Aside from the stereo, the only other cabin tech features of the Shelby GT500 are found in its instrument cluster alongside its washed-out white-on-gray tachometer and speedometer dials. In keeping with its performance-focused persona, the Shelby GT500 has a couple of systems to notify drivers of when to shift gears. One of these is driver-configurable: using three hard buttons on the dash, drivers can activate a unique audio-visual notification signal to alert them when to shift gears. The notifications can be set to kick in at anywhere between 1,500 and 6,000rpm. Irrespective of the level that the latter system is set to, another warning light in the form of a yellow arrow on the left-hand side of the dash comes on at around 2,500rpm, also suggesting when to upshift.
The most frivolous tech feature on the Shelby GT500 also is centered on the instrument cluster. Using the same three-button cluster on the dash, drivers can select different colors for the instrument-cluster backlighting: to cater to the widest possible artistic range, the car offers six preset colors (red, purple, orange, white, blue, and green) and up to 125 user-configured colors, which can be made up by mixing different levels of red, blue, and green light.
A more useful feature of the instrument cluster is its two-line display beneath the tachometer that can be used to call up data for a range of systems, including: trip information, oil pressure, security system and brake systems, traction control, and range to empty.
Under the hood
With one turn of the ignition key, all cabin shortcomings of the 2007 Shelby GT500 are forgotten. The gutsy V-8 sneezes into life with the unequivocal message that the main entertainment to be had in this car will be via the gas pedal. The 2007 Shelby GT500 is offered with a single transmission option in the form of a heavy-duty TR6060 six-speed manual gearbox. With the short-throw shifter in one hand and the Cobra-embossed three-spoke steering wheel in the other, we set out onto the streets of San Francisco in homage to Steve McQueen in the movie Bullitt.
For having such blistering performance characteristics (500 horsepower, 468 pound-feet of torque, and a zero-to-60mph time of 4.6 seconds), the GT500 displays relatively good road manners around town. With coilover spring MacPherson struts up front and a three-link live axle with coil springs in the rear, the GT500's suspension is tuned for spirited driving, but this does not translate into the bone-shaking ride that comes with many stiffened suspension configurations.
Unlike Steve McQueen, we had to abide by the road laws when driving around the hills of San Francisco, meaning we spent a good deal of time and effort with our left foot controlling the GT500's clutch. Clutch take-up is a bit high, but once we got used to the biting point, we managed to execute hill starts without burning too much rubber. One complaint we have with the Shelby in urban driving is the tendency of its back wheels to break traction when driving over the slightest of road imperfections. When this happens, the rear wheels undergo severe axle-hop, making the whole car judder and shake before regaining its balance.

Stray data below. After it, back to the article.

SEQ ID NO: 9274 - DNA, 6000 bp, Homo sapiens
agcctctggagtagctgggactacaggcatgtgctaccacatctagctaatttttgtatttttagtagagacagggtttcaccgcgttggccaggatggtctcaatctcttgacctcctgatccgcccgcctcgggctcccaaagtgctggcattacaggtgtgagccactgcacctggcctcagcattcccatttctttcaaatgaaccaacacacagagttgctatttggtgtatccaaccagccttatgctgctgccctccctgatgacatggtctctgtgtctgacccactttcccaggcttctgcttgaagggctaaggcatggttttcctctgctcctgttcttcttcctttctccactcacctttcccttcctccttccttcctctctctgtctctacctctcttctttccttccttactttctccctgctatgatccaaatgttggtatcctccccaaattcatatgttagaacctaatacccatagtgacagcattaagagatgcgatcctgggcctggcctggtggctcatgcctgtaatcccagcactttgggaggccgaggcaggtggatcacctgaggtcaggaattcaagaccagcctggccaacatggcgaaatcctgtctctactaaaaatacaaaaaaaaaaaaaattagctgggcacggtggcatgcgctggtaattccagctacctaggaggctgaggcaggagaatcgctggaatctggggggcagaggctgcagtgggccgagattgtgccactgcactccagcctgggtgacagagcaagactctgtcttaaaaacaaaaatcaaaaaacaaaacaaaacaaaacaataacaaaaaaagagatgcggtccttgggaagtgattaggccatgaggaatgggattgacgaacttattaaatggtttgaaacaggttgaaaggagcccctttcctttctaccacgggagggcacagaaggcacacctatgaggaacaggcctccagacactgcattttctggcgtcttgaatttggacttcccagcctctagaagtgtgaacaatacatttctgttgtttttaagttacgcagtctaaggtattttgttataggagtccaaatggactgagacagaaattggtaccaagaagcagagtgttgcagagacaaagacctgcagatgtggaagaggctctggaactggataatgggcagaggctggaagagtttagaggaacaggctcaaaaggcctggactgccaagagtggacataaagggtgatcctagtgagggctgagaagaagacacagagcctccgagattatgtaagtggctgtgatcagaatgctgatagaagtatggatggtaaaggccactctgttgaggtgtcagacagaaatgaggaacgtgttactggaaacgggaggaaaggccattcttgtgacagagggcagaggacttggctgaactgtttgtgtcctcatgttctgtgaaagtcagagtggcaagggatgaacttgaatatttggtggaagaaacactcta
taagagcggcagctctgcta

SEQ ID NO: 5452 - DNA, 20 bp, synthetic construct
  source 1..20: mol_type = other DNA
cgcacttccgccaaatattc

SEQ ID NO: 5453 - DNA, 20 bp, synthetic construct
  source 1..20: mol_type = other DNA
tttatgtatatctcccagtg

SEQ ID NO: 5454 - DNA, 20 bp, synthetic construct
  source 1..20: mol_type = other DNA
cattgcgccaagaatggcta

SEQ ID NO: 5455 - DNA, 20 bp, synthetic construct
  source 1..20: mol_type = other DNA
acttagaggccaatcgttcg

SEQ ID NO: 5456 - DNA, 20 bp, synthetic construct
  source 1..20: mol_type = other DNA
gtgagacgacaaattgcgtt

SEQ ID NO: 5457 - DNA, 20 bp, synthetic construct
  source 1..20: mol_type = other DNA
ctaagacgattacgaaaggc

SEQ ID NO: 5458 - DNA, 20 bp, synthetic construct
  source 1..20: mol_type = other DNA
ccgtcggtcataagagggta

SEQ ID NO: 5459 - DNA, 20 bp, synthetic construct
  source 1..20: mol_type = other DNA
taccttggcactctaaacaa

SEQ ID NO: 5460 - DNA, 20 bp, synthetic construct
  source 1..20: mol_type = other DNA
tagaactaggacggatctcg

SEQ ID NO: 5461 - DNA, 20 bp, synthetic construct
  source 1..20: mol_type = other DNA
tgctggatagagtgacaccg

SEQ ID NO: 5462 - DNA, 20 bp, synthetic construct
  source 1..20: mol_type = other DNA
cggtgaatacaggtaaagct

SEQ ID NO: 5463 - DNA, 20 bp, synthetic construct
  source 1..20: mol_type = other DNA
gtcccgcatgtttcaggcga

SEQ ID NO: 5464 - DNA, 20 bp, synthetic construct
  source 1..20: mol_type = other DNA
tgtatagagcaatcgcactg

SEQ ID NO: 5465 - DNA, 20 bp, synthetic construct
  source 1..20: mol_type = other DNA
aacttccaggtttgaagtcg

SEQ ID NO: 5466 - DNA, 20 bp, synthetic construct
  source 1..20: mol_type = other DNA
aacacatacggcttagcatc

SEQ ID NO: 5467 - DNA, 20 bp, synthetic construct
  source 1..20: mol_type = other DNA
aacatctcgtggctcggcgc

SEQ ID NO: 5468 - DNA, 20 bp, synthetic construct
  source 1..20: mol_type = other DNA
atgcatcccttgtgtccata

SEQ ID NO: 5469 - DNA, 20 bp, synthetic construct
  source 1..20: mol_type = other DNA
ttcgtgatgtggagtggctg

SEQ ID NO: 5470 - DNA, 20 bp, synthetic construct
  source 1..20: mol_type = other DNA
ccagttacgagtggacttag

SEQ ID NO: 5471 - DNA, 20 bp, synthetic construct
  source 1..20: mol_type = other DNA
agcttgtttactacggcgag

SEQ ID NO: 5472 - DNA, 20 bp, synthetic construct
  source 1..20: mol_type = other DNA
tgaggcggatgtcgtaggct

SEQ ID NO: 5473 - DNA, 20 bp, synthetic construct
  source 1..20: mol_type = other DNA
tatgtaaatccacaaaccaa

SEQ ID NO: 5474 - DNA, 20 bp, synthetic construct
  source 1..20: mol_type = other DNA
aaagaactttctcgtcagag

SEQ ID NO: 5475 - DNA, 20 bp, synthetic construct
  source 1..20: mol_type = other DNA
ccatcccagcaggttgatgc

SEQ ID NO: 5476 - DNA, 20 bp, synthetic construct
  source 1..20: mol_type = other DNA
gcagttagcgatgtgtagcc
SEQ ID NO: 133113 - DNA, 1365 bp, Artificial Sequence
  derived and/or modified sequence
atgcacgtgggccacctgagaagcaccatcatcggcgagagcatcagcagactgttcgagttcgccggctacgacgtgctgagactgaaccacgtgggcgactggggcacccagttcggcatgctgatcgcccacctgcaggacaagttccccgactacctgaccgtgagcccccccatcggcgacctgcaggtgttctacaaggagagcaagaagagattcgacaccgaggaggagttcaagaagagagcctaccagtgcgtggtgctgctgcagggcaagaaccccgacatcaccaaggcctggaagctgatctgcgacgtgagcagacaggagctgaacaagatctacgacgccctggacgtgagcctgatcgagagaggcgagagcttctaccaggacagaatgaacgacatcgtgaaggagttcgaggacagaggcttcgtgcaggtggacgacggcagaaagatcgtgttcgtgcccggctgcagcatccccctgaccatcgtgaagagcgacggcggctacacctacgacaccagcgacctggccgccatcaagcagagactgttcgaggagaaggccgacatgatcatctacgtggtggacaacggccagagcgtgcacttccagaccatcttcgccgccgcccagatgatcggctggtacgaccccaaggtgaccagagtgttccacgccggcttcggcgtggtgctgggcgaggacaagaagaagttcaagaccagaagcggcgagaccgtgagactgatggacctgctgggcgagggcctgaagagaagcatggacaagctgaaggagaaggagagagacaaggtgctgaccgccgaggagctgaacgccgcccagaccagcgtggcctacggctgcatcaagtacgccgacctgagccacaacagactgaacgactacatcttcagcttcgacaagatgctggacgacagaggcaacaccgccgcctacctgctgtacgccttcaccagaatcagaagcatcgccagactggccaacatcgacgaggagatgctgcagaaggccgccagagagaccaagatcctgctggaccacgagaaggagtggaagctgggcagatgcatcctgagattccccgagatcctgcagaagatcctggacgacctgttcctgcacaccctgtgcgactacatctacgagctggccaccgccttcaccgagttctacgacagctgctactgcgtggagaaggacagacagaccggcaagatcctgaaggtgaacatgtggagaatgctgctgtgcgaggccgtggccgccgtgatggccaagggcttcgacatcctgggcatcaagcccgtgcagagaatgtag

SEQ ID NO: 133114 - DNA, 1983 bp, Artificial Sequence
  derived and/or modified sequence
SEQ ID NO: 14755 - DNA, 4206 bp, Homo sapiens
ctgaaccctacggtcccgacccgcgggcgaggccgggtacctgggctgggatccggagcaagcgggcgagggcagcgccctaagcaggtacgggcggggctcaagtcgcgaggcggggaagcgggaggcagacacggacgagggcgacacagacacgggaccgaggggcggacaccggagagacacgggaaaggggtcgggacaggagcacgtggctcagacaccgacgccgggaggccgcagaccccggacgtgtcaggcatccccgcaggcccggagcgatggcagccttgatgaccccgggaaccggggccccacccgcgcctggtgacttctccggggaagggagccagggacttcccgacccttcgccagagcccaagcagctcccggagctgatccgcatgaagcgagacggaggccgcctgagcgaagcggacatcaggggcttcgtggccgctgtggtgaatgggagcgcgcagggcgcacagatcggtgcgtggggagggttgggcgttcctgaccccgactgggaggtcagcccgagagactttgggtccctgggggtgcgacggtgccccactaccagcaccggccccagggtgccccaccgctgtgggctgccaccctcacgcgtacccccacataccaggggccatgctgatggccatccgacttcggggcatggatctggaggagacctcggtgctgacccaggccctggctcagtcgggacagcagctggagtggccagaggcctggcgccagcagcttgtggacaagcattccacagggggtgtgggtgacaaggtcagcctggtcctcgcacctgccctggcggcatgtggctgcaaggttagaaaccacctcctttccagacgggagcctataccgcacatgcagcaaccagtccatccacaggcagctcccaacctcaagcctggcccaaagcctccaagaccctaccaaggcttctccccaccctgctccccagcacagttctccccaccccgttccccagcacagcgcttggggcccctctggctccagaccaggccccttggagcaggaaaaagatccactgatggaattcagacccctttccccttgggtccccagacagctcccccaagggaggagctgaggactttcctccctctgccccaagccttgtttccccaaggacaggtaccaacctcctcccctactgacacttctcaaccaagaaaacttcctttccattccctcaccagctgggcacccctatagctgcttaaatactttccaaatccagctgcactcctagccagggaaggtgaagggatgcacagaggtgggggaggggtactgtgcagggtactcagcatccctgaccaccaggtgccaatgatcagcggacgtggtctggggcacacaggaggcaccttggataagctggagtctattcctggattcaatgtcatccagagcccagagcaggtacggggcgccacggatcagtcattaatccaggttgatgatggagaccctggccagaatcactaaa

The most entertaining thing about driving the 2007 Ford Shelby GT500 around town (aside from burying BMW M3s in fast launches from the stop lights) was the universal admiration the car received from passersby. Middle-aged men in particular would crane their necks to watch us as we cruised past, and on the odd occasion we caught someone's eye, we were met with a knowing smile that said, "I can only imagine what fun you're having in that thing."
As ego-massaging as all this city slicking was however, there is only one place the GT500 is happy: on the open road. Gunning the throttle from standing results in a trainlike acceleration, and despite the car's reliance on forced induction, power is very linear without any noticeable surge from the supercharger. If you can't feel the supercharger, however, you can certainly hear it: when pushing the car beyond 4,000rpm (and brazenly disregarding the yellow upshift arrow light), the supercharger whines like a siren, an unhappy coincidence as this car is perhaps the biggest cop magnet on the road.
Flooring the gas pedal or kicking down a gear both result in the Shelby GT500's front end rearing up as power surges to the 18.5-inch ZR-rated rear tires, while squeezing the accelerator when cornering predictably results in loss of the back end. Shifts with the short-throw stick are smooth and assured, and the shifter snicks into each gate with a satisfying mechanical precision.
Unfortunately, we were restricted to public roads in our test of the Shelby GT500, and in a car that will break 100mph in second gear, we put our licenses on the line every time we got behind the wheel. We could go describing in great detail how it feels to drive this car--the exhilaration, the rush, the terror, but we'd rather let you experience in person: check out the CNET Car Tech podcast in which we take it for a spin.
In our all-too-short time with the GT500, we covered 225 miles, getting a lamentable average gas mileage of 13.7mpg. The only green concern this car's owners have is the color of the traffic lights.
Our 2007 Ford Shelby GT500 test car came with a base price of $40,930 to which was added a gas-guzzler tax of $1,300; $595 for the GT500 Premium Trim Package (featuring a leather-wrapped and stitched instrument panel brow and center console, upgraded door armrests and aluminum pedal covers); and $195 for Sirius Satellite Radio. With destination and delivery, the bottom-line sticker price was $43,765.
The 2007 Ford Shelby GT500 is a brash, brawny, barn burner. Its stripped-down interior and absence of rear legroom are eclipsed by the glory of its blown V-8. Just watch out when thrashing about on the open road: that siren sound might not always be the supercharger.
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